On Friday night at 8pm, a group of us sat down to dinner at Bermondsey's Cafe Amisha. Cafe Amisha is old-school Italian cooking, with an atmosphere that transports you to a modern-day Italian holiday.
Hospitality is the comfort food that I've been missing this year. The conviviality of friends and loved ones together around the table. Food being brought to you. Treats that you might not make at home like steak tagliata, or mushroom ravioli. The indulgence of an aperitivo and a digestivo. The collective atmosphere of other diners having a good time. And wait restauranteurs and waiters eager to welcome you, like long lost friends.
There is little greater than hospitality done right, and for two hours on Friday night, all the boxes were ticked.
Jay Rayner announced this weekend that he won't be reviewing restaurants negatively for the foreseeable future. This felt like some strangely unifying moment in itself, in what is otherwise a critical sea of snide remarks.
In a few weeks time, all things going to plan, I'll be in France in what might be the most normal thing that will have happened this year. I can't wait.
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This week's Learn again comes from a subscriber question – how well can you store wine if you don't want to finish the bottle? We explore your options and your time frames below.
And in Taste, we've got a couple of park wine special to match these slightly sunnier days.
Taste - Park wine
L'Hurluberlu looks like a bottle of Coca-Cola (£18 from Forest). This is cab franc from Loire that is packed full of juicy raspberries and red cherries. I put this in the fridge for an hour, then let the sun bring it up to temperature as we dug in.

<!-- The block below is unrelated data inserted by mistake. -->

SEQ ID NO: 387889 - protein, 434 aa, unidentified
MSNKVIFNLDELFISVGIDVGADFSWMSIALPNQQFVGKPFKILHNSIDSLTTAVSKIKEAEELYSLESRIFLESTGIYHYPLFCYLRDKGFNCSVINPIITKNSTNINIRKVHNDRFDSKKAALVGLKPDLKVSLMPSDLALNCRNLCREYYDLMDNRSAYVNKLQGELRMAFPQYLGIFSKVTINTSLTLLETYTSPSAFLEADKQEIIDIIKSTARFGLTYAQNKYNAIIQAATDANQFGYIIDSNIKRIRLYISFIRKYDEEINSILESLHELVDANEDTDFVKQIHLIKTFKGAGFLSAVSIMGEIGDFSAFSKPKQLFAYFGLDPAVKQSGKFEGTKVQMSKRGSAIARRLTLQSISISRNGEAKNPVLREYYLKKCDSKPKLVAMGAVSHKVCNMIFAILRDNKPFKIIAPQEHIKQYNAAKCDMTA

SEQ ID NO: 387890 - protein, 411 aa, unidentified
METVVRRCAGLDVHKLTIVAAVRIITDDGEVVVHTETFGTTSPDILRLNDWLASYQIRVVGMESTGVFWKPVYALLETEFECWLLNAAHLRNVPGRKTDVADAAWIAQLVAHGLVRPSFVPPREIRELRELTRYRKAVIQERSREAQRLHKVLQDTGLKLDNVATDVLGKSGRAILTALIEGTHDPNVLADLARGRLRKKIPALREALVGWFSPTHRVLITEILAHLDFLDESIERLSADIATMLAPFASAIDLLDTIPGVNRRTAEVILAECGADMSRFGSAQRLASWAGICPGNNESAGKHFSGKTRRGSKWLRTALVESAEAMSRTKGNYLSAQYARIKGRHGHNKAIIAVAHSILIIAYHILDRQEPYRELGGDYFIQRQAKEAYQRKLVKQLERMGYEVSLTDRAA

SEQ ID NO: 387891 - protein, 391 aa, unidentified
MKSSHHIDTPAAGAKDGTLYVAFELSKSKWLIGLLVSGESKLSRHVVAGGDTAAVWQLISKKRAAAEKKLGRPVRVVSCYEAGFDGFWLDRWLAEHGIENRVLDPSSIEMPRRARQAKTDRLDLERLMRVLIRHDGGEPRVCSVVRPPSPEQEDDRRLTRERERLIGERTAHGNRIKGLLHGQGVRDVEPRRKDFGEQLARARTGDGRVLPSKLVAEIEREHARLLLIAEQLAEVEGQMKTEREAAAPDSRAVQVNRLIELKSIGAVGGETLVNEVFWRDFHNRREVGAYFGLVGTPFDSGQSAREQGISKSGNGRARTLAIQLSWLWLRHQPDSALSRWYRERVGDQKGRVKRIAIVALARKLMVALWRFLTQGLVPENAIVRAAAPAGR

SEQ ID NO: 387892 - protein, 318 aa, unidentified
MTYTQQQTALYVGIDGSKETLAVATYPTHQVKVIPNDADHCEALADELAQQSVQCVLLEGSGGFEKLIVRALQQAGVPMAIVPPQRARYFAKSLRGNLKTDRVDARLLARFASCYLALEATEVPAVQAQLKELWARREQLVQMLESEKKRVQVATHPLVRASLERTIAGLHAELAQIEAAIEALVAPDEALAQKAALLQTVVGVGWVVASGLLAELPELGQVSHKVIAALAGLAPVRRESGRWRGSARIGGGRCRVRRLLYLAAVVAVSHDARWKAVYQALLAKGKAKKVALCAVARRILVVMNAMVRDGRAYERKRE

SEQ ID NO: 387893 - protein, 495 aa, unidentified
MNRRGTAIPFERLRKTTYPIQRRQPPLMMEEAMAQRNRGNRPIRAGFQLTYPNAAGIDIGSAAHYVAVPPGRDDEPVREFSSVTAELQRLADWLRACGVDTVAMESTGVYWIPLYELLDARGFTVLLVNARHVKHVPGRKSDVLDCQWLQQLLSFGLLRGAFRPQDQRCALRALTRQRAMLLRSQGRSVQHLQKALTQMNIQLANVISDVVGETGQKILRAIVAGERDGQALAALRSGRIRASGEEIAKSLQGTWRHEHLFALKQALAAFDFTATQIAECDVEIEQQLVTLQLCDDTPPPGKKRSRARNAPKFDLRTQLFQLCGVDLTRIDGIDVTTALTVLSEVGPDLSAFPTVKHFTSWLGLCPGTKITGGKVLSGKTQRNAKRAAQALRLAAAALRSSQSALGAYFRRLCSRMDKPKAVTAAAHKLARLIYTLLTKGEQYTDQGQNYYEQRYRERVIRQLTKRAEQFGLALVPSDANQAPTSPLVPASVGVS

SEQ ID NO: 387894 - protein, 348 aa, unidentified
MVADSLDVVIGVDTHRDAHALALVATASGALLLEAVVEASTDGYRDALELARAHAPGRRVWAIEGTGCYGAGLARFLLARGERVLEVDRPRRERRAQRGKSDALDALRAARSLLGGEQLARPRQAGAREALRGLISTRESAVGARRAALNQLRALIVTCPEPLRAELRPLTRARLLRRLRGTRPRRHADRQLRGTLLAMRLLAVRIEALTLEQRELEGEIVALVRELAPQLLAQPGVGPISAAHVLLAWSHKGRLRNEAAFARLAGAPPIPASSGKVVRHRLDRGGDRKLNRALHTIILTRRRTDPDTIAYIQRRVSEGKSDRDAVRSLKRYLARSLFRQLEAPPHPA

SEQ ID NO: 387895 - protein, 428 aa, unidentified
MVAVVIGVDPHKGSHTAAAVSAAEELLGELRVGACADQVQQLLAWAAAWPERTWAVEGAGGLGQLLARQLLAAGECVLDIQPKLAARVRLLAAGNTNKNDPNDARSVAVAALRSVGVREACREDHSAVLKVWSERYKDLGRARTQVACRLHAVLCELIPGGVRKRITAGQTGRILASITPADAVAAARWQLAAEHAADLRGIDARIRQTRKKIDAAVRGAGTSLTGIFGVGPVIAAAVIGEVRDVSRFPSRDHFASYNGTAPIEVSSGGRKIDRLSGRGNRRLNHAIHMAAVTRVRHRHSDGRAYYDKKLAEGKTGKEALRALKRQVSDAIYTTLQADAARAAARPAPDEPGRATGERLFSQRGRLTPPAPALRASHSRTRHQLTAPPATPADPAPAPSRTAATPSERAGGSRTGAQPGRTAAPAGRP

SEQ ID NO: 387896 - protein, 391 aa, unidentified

There were a few distinct phases of lockdown. There was that first sourdough & learning-French phase. And then there was the Astro Bunny phase – those first weeks when we were allowed out, it was sunny, and Astro Bunny landed on the scene. Astro Bunny (~£25 where available) is a pet nat that tastes of lemon sherbet and peach schnapps. A real lesson in how fun wine can be.
Sparkling English red wine? You must be mad. Well no, actually – we've found two incredible ones this year. The first was Wild Juice Chase by Offbeat: this reminds you of alcoholic vimto in the most complimentary way that could be. We bought a few of these to give away but have now all gone. (£26 at Furanxo).
Second, we've got Dunleavy's Brut Zero Sparkling Red (£28.50 from Vinoteca). Wild strawberries and rhubarb jump out the glass in this natural leaning sparkler. Serve chilled for maximum impact.
Learn - How long does wine stay good for?
Oxygen really will get to wine if you leave it too long. While certain wines naturally last a bit better than others, as a general rule you can expect your wine to last two-to-three days from opening.
If you want to make that last just a bit longer, here's a few things we recommend.
1. Keep a half bottle, and transfer your leftover wine to the half bottle. Less oxygen means less chance of the wine going bad as quickly.
2. Check out Vacu Vin (£9.95 from Amazon), they give the wine that tiny extra lease of life.
3. For something higher end, check out Eto (from £119). This decanter keeps your wine fresh for up to two weeks and has a built in aeration device to make every glass taste optimal. These are absolutely stunning design-wise as well.
Got any other best tips? Hit reply and let us know.